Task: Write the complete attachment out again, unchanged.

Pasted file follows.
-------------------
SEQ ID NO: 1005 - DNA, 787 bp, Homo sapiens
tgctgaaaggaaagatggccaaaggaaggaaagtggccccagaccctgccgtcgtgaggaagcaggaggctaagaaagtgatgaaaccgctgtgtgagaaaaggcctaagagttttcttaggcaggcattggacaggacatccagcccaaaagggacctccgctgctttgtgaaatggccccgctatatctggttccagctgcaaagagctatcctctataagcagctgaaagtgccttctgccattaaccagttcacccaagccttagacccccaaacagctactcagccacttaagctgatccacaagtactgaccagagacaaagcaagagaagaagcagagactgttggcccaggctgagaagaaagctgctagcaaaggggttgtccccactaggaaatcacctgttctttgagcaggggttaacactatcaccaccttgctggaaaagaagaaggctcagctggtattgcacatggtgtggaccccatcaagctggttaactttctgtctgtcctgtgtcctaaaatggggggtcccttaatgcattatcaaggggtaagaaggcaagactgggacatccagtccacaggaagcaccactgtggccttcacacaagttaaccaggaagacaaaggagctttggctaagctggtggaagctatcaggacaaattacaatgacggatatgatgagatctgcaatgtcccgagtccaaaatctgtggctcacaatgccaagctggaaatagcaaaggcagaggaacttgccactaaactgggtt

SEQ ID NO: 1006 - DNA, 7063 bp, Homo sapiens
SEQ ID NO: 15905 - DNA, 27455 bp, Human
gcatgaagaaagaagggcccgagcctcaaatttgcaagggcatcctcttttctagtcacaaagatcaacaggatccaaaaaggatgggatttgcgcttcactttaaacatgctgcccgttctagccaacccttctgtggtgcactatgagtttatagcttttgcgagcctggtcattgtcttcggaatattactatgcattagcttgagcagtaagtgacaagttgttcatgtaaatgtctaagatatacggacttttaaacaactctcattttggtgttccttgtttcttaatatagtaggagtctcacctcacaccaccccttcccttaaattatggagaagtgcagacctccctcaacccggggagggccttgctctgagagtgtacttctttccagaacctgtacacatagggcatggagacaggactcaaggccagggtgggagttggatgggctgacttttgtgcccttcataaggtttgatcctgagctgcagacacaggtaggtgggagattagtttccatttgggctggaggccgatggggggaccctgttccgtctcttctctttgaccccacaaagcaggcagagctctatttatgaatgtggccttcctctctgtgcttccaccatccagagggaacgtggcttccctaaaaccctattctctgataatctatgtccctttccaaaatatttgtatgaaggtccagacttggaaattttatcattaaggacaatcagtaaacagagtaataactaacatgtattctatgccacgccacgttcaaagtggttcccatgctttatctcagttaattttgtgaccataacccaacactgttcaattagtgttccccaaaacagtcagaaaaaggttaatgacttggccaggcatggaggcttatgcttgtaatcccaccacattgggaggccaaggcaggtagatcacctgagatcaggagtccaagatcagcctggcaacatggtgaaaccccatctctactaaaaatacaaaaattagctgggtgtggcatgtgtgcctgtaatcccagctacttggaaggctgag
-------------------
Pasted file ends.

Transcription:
SEQ ID NO: 1005 - DNA, 787 bp, Homo sapiens
tgctgaaaggaaagatggccaaaggaaggaaagtggccccagaccctgccgtcgtgaggaagcaggaggctaagaaagtgatgaaaccgctgtgtgagaaaaggcctaagagttttcttaggcaggcattggacaggacatccagcccaaaagggacctccgctgctttgtgaaatggccccgctatatctggttccagctgcaaagagctatcctctataagcagctgaaagtgccttctgccattaaccagttcacccaagccttagacccccaaacagctactcagccacttaagctgatccacaagtactgaccagagacaaagcaagagaagaagcagagactgttggcccaggctgagaagaaagctgctagcaaaggggttgtccccactaggaaatcacctgttctttgagcaggggttaacactatcaccaccttgctggaaaagaagaaggctcagctggtattgcacatggtgtggaccccatcaagctggttaactttctgtctgtcctgtgtcctaaaatggggggtcccttaatgcattatcaaggggtaagaaggcaagactgggacatccagtccacaggaagcaccactgtggccttcacacaagttaaccaggaagacaaaggagctttggctaagctggtggaagctatcaggacaaattacaatgacggatatgatgagatctgcaatgtcccgagtccaaaatctgtggctcacaatgccaagctggaaatagcaaaggcagaggaacttgccactaaactgggtt

SEQ ID NO: 1006 - DNA, 7063 bp, Homo sapiens
SEQ ID NO: 15905 - DNA, 27455 bp, Human
gcatgaagaaagaagggcccgagcctcaaatttgcaagggcatcctcttttctagtcacaaagatcaacaggatccaaaaaggatgggatttgcgcttcactttaaacatgctgcccgttctagccaacccttctgtggtgcactatgagtttatagcttttgcgagcctggtcattgtcttcggaatattactatgcattagcttgagcagtaagtgacaagttgttcatgtaaatgtctaagatatacggacttttaaacaactctcattttggtgttccttgtttcttaatatagtaggagtctcacctcacaccaccccttcccttaaattatggagaagtgcagacctccctcaacccggggagggccttgctctgagagtgtacttctttccagaacctgtacacatagggcatggagacaggactcaaggccagggtgggagttggatgggctgacttttgtgcccttcataaggtttgatcctgagctgcagacacaggtaggtgggagattagtttccatttgggctggaggccgatggggggaccctgttccgtctcttctctttgaccccacaaagcaggcagagctctatttatgaatgtggccttcctctctgtgcttccaccatccagagggaacgtggcttccctaaaaccctattctctgataatctatgtccctttccaaaatatttgtatgaaggtccagacttggaaattttatcattaaggacaatcagtaaacagagtaataactaacatgtattctatgccacgccacgttcaaagtggttcccatgctttatctcagttaattttgtgaccataacccaacactgttcaattagtgttccccaaaacagtcagaaaaaggttaatgacttggccaggcatggaggcttatgcttgtaatcccaccacattgggaggccaaggcaggtagatcacctgagatcaggagtccaagatcagcctggcaacatggtgaaaccccatctctactaaaaatacaaaaattagctgggtgtggcatgtgtgcctgtaatcccagctacttggaaggctgag